The US Navy is test-firing and upgrading its arsenal of Trident II D5 nuclear-armed submarine launched missiles designed to keep international peace -- by ensuring and undersea-fired second-strike ability in the event of a catastrophic nuclear first strike on the US.
Firing from the Atlantic Ocean off the coast of Florida Aug. 31, a specially configured non-armed “test” version of the missile was fired from the Navy’s USS Maryland. This was the 161st successful Trident II launch since design completion in 1989.
The missile was converted into a test configuration using a test missile kit produced by Lockheed Martin that contains range safety devices, tracking systems and flight telemetry instrumentation, a Lockheed statement said.
The Trident II D5 missile is deployed aboard U.S. Navy Ohio-class submarines and Royal Navy Vanguard-class to deter nuclear aggression. The three-stage ballistic missile can travel a nominal range of 4,000 nautical miles and carry multiple independently targeted reentry bodies.
The U.S. and UK are collaboratively working on a common missile compartment for their next generation SSBNs, or ballistic missile submarines.
The 130,000-pound Trident II D5 missile can travel 20,000-feet per second, according to Navy figures. The missiles cost $30 million each.
The "Bulletin of the Atomic Scientists" futher describes the weapon -- "The Trident D5s carry three types of warheads: the 100-kiloton W76/Mk-4, the 100-kiloton W76-1/Mk-4A, and the 455-kiloton W88/Mk-5 warhead, the highest-yield ballistic missile warhead in the U.S. arsenal."
(This first appeared in Scout Warrior here.)
Trident II D5 - Nuclear-Armed Missile Upgrade:
The Trident II D5, first fired in the 1990s, is an upgraded version of the 1970s-era Trident I nuclear weapon; the Trident II D5s were initially engineered to serve until 2027, however an ongoing series of upgrades are now working to extend its service life.
The Navy is modernizing its arsenal of Trident II D5 nuclear missiles in order to ensure their service life can extend for 25 more years aboard the Navy’s nuclear ballistic missile submarine fleet, service leaders said.
“Sustaining and modernizing the nuclear enterprise infrastructure is crucial to maintaining a strong, credible and flexible nuclear deterrent, which is essential to our national security and the security of United States’ allies and partners,” Adm. Cecil D. Haney, U.S. Strategic Command commander said in a written statement.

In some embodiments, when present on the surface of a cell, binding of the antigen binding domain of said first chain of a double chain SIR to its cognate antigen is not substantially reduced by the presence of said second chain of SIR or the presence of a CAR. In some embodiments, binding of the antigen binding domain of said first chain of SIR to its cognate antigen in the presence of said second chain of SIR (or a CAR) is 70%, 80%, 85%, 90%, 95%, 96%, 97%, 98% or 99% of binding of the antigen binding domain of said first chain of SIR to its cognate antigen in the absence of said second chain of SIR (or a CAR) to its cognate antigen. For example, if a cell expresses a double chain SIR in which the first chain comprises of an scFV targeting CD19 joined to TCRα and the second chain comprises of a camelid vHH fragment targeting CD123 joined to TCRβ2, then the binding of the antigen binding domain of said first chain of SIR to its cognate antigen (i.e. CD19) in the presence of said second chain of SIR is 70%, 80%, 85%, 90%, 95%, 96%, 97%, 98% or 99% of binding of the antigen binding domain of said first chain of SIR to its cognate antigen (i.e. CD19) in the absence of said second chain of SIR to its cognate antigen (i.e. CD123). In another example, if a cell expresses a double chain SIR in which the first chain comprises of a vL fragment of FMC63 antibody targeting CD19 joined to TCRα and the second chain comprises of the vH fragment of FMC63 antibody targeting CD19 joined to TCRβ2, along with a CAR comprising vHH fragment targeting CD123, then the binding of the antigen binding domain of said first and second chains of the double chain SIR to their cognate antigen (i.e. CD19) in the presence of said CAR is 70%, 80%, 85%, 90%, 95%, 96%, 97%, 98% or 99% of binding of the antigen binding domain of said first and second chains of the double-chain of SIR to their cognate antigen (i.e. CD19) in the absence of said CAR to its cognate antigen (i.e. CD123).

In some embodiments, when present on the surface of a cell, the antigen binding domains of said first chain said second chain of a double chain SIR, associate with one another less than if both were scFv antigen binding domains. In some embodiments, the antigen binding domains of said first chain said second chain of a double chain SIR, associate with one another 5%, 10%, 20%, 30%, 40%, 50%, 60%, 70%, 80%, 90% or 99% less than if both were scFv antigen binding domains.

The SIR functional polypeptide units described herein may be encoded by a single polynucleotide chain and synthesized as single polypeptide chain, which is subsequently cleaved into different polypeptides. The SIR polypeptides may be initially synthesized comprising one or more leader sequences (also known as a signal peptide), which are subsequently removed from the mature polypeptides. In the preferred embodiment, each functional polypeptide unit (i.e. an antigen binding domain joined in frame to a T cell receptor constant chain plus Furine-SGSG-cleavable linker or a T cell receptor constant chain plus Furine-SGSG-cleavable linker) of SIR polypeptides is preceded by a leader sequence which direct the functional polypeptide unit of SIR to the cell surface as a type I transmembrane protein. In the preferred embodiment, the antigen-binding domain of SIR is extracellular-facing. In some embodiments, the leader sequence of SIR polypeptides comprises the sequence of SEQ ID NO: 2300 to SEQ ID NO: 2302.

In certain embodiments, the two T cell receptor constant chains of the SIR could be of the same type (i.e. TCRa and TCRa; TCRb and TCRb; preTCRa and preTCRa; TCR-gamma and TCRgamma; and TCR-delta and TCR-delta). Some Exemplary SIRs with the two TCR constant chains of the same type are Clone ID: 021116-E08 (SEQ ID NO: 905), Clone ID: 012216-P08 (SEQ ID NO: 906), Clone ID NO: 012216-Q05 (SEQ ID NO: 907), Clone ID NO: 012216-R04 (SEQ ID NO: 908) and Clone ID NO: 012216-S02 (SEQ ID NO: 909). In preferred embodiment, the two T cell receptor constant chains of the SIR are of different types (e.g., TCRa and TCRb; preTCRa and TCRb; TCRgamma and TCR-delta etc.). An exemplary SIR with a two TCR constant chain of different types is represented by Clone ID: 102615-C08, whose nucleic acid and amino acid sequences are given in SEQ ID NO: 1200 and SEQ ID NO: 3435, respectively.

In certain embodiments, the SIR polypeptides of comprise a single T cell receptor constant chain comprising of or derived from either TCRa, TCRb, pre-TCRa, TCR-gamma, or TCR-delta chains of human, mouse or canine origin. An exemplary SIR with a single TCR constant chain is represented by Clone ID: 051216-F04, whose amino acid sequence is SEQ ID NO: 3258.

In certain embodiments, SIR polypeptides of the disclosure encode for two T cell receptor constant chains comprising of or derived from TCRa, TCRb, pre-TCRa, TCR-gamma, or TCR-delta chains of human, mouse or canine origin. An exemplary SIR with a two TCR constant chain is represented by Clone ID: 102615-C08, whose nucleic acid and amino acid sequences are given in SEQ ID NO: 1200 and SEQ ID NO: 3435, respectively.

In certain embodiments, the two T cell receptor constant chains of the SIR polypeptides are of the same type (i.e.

The 44-foot long submarine-launched missiles have been serving on Ohio-class submarines for 25 years, Vice Adm. Terry Benedict, director of Strategic Systems and Programs, said several years ago at the Navy League’s Sea Air Space exposition.
The missiles are also being planned as the baseline weapon for the Ohio Replacement Program ballistic missile submarine, a platform slated to serve well into the 2080s, so the Navy wants to extend the service life of the Trident II D5 missiles to ensure mission success in future decades.
The Navy has been working on technical upgrades to the existing Trident II D 5 in order to prevent obsolescence and ensure the missile system remains viable for the next several decades.
Engineers have modernized the guidance system by replacing two key components due to obsolescence – the inertial measurement unit and the electronics assembly, Benedict said.
Under the U.S.-Russia New START treaty signed in 2010, roughly 70-percent of the U.S.’ nuclear warheads will be deployed on submarines.
Within the last several years, the Navy has acquired an additional 108 Trident II D 5 missiles in order to strengthen the inventory for testing and further technological development.
As part of the technical improvements to the missile, the Navy is upgrading what’s called the Mk-4 re-entry body, the part of the missile that houses a thermonuclear warhead. The life extension for the Mk-4 re-entry body includes efforts to replace components including the firing circuit, Navy officials explained.
The Navy is also working with the Air Force on refurbishing the Mk-5 re-entry body which will be ready by 2019, senior Navy officials said.
Benedict said the Mk-5 re-entry body has more yield than a Mk-4 re-entry body, adding that more detail on the differences was not publically available.
The missile also has a larger structure called a release assembly which houses and releases the re-entry bodies, Navy officials said. There is an ongoing effort to engineer a new release assembly that will work with either the Mk-4 or Mk-5 re-entry body.
Kris Osborn became the Managing Editor of Scout Warrior in August of 2015. His role with Scout.com includes managing content on the Scout Warrior site and generating independently sourced original material. Scout Warrior is aimed at providing engaging, substantial military-specific content covering a range of key areas such as weapons, emerging or next-generation technologies and issues of relevance to the military. Just prior to coming to Scout Warrior, Osborn served as an Associate Editor at the Military.com. Osborn previously served at the Pentagon as a Highly Qualified Expert with the Office of the Assistant Secretary of the Army - Acquisition, Logistics & Technology. Osborn has also worked as an anchor and on-air military specialist at CNN and CNN Headline News. This story originally appeared in Scout Warrior.
Image: Creative Commons/Flickr.